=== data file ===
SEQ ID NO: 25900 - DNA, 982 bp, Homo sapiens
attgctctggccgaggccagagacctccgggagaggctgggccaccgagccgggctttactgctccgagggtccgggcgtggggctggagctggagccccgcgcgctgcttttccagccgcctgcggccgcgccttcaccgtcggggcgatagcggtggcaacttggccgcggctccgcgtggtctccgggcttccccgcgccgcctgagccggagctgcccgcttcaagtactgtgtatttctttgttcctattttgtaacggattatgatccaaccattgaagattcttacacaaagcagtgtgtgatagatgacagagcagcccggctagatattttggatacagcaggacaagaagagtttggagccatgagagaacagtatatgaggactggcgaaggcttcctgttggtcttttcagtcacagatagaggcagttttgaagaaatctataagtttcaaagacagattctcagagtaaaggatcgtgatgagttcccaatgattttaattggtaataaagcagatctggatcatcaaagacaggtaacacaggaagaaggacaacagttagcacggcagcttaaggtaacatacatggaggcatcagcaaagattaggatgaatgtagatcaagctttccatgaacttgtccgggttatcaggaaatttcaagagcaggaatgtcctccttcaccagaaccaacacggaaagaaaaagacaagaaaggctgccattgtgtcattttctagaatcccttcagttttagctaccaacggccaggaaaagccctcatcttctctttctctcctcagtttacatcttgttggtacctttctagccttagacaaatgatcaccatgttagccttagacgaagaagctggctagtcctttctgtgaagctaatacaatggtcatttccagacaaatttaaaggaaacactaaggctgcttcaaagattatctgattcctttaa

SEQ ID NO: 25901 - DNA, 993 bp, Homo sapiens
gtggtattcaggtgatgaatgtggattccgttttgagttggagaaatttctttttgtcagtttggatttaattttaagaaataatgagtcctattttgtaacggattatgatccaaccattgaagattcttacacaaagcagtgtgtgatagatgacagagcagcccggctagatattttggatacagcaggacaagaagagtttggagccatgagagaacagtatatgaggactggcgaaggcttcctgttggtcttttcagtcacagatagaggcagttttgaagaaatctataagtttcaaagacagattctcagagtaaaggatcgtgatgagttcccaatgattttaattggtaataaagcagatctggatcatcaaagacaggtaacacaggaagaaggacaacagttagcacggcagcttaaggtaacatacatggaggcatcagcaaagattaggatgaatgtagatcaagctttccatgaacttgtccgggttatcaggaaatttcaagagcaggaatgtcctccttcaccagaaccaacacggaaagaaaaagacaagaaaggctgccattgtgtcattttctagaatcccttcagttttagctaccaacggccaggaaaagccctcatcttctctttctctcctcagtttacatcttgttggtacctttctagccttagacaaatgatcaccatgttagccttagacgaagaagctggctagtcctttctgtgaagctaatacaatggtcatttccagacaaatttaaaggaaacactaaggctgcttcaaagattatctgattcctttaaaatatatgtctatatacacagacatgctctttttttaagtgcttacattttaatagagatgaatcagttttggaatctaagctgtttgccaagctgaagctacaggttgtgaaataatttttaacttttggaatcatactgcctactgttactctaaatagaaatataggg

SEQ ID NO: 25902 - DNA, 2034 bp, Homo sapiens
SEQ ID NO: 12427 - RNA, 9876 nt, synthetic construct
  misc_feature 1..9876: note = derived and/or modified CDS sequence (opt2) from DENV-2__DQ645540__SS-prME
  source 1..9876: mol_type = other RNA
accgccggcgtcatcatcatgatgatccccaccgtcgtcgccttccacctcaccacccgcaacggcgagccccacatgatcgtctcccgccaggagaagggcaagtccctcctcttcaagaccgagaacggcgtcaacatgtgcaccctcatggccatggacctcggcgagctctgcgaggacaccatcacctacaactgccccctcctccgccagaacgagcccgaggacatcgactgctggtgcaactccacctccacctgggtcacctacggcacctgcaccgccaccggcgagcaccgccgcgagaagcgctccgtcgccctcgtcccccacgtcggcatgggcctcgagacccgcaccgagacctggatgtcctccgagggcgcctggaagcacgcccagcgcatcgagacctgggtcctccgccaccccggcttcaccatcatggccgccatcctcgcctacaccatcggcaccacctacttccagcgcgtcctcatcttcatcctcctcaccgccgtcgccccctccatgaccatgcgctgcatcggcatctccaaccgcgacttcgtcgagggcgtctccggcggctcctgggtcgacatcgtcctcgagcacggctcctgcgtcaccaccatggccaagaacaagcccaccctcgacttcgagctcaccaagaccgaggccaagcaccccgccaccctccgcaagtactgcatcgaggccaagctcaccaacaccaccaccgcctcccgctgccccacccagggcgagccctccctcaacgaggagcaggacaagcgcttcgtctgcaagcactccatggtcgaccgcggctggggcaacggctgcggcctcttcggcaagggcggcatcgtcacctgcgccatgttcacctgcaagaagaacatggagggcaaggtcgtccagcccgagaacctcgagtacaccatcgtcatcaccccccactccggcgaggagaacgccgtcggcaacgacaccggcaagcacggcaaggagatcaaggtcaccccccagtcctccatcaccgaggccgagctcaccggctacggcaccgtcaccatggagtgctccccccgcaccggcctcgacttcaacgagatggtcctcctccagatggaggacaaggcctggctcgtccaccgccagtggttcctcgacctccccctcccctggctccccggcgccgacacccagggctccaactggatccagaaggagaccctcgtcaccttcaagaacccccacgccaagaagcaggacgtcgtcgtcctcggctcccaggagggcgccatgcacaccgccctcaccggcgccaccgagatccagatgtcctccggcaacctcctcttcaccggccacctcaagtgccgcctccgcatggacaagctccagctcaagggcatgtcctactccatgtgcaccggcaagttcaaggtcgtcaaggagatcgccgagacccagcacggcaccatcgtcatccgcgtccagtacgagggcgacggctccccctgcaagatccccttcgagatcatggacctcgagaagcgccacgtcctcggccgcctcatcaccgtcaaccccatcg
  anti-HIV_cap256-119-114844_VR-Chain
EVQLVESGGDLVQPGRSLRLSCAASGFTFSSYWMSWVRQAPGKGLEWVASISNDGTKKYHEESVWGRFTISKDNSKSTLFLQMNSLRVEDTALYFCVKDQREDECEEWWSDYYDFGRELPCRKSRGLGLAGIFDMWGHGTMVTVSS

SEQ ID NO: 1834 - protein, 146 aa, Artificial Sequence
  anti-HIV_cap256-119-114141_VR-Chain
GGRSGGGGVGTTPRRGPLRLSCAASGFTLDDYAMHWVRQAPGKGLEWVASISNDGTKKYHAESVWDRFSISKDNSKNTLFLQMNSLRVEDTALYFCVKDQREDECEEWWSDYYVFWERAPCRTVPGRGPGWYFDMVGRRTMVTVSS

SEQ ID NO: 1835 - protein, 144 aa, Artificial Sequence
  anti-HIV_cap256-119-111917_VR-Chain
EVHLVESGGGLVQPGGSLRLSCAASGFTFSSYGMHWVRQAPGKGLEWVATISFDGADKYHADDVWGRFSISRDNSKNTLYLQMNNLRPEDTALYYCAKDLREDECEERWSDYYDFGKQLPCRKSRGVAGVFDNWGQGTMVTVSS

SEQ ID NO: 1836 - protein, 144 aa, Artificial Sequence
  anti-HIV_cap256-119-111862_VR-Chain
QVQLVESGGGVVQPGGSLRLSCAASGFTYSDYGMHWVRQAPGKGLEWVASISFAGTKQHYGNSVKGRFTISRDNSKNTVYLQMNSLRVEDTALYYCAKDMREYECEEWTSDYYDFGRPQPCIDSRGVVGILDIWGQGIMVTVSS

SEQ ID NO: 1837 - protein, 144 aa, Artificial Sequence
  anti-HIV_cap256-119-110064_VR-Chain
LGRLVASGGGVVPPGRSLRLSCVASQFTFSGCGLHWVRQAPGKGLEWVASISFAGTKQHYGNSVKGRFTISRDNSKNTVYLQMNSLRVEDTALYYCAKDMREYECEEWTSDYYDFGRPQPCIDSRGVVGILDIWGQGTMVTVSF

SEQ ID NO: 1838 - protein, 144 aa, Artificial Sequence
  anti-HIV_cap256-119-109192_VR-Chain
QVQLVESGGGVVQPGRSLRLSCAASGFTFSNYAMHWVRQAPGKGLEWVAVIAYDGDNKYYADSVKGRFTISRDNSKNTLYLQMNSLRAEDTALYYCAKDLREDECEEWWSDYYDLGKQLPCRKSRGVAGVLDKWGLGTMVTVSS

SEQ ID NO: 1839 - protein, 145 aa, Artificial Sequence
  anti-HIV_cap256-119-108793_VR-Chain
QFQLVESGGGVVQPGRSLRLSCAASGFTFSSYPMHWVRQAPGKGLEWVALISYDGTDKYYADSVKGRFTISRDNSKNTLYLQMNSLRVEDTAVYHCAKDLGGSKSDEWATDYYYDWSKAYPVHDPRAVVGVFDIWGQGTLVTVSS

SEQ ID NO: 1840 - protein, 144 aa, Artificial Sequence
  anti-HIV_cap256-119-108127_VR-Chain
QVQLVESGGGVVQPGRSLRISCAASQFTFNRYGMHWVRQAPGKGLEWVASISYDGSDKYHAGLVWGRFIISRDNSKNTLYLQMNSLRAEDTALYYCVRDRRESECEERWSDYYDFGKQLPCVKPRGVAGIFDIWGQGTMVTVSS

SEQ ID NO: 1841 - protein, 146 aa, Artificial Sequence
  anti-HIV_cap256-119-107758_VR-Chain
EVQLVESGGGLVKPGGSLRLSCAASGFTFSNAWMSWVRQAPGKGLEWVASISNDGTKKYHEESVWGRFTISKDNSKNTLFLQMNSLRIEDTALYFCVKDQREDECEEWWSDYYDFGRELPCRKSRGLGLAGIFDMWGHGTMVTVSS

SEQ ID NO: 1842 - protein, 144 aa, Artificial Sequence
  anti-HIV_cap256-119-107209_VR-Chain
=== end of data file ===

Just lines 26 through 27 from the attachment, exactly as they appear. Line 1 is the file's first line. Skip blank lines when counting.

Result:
QVQLVESGGGVVQPGRSLRLSCAASGFTFSNYAMHWVRQAPGKGLEWVAVIAYDGDNKYYADSVKGRFTISRDNSKNTLYLQMNSLRAEDTALYYCAKDLREDECEEWWSDYYDLGKQLPCRKSRGVAGVLDKWGLGTMVTVSS

SEQ ID NO: 1839 - protein, 145 aa, Artificial Sequence